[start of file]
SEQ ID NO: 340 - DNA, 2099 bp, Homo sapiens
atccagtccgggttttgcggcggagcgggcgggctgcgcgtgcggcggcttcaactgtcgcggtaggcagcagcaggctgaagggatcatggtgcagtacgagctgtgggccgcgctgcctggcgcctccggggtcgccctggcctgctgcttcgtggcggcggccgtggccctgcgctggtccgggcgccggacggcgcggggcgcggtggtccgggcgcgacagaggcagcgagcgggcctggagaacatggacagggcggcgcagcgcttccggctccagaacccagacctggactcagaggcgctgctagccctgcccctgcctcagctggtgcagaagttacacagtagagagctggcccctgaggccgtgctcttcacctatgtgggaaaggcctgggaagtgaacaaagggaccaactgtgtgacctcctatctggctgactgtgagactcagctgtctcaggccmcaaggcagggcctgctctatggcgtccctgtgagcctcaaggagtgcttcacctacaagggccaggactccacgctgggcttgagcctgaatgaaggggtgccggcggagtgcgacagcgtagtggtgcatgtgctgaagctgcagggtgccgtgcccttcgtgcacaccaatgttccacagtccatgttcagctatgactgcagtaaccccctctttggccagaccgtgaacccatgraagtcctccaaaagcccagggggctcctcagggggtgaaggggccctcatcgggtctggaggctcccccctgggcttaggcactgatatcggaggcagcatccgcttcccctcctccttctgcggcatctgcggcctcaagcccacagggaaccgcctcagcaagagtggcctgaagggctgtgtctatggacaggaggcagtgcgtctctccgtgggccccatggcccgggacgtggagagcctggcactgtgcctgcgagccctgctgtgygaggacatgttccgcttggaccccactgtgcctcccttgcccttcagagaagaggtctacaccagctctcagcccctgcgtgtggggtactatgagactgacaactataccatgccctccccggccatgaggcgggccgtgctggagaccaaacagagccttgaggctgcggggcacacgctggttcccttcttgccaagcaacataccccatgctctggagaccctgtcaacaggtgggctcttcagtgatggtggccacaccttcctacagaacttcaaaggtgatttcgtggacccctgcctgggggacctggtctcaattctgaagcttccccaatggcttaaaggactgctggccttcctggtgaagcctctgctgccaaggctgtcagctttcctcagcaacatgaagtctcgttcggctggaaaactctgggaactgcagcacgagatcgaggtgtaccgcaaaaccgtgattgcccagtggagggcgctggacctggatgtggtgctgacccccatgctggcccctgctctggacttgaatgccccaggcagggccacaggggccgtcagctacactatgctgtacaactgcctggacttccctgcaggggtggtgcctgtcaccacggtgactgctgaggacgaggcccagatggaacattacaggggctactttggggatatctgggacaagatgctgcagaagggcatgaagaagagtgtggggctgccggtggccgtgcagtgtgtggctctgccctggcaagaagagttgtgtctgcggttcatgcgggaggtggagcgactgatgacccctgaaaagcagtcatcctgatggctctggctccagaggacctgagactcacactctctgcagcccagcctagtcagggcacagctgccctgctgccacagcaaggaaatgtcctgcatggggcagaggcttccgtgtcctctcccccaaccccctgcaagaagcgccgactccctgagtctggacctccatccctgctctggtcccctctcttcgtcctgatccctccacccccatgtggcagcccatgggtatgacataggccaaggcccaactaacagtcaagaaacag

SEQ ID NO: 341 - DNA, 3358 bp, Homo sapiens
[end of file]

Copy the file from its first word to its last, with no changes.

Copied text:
SEQ ID NO: 340 - DNA, 2099 bp, Homo sapiens
atccagtccgggttttgcggcggagcgggcgggctgcgcgtgcggcggcttcaactgtcgcggtaggcagcagcaggctgaagggatcatggtgcagtacgagctgtgggccgcgctgcctggcgcctccggggtcgccctggcctgctgcttcgtggcggcggccgtggccctgcgctggtccgggcgccggacggcgcggggcgcggtggtccgggcgcgacagaggcagcgagcgggcctggagaacatggacagggcggcgcagcgcttccggctccagaacccagacctggactcagaggcgctgctagccctgcccctgcctcagctggtgcagaagttacacagtagagagctggcccctgaggccgtgctcttcacctatgtgggaaaggcctgggaagtgaacaaagggaccaactgtgtgacctcctatctggctgactgtgagactcagctgtctcaggccmcaaggcagggcctgctctatggcgtccctgtgagcctcaaggagtgcttcacctacaagggccaggactccacgctgggcttgagcctgaatgaaggggtgccggcggagtgcgacagcgtagtggtgcatgtgctgaagctgcagggtgccgtgcccttcgtgcacaccaatgttccacagtccatgttcagctatgactgcagtaaccccctctttggccagaccgtgaacccatgraagtcctccaaaagcccagggggctcctcagggggtgaaggggccctcatcgggtctggaggctcccccctgggcttaggcactgatatcggaggcagcatccgcttcccctcctccttctgcggcatctgcggcctcaagcccacagggaaccgcctcagcaagagtggcctgaagggctgtgtctatggacaggaggcagtgcgtctctccgtgggccccatggcccgggacgtggagagcctggcactgtgcctgcgagccctgctgtgygaggacatgttccgcttggaccccactgtgcctcccttgcccttcagagaagaggtctacaccagctctcagcccctgcgtgtggggtactatgagactgacaactataccatgccctccccggccatgaggcgggccgtgctggagaccaaacagagccttgaggctgcggggcacacgctggttcccttcttgccaagcaacataccccatgctctggagaccctgtcaacaggtgggctcttcagtgatggtggccacaccttcctacagaacttcaaaggtgatttcgtggacccctgcctgggggacctggtctcaattctgaagcttccccaatggcttaaaggactgctggccttcctggtgaagcctctgctgccaaggctgtcagctttcctcagcaacatgaagtctcgttcggctggaaaactctgggaactgcagcacgagatcgaggtgtaccgcaaaaccgtgattgcccagtggagggcgctggacctggatgtggtgctgacccccatgctggcccctgctctggacttgaatgccccaggcagggccacaggggccgtcagctacactatgctgtacaactgcctggacttccctgcaggggtggtgcctgtcaccacggtgactgctgaggacgaggcccagatggaacattacaggggctactttggggatatctgggacaagatgctgcagaagggcatgaagaagagtgtggggctgccggtggccgtgcagtgtgtggctctgccctggcaagaagagttgtgtctgcggttcatgcgggaggtggagcgactgatgacccctgaaaagcagtcatcctgatggctctggctccagaggacctgagactcacactctctgcagcccagcctagtcagggcacagctgccctgctgccacagcaaggaaatgtcctgcatggggcagaggcttccgtgtcctctcccccaaccccctgcaagaagcgccgactccctgagtctggacctccatccctgctctggtcccctctcttcgtcctgatccctccacccccatgtggcagcccatgggtatgacataggccaaggcccaactaacagtcaagaaacag

SEQ ID NO: 341 - DNA, 3358 bp, Homo sapiens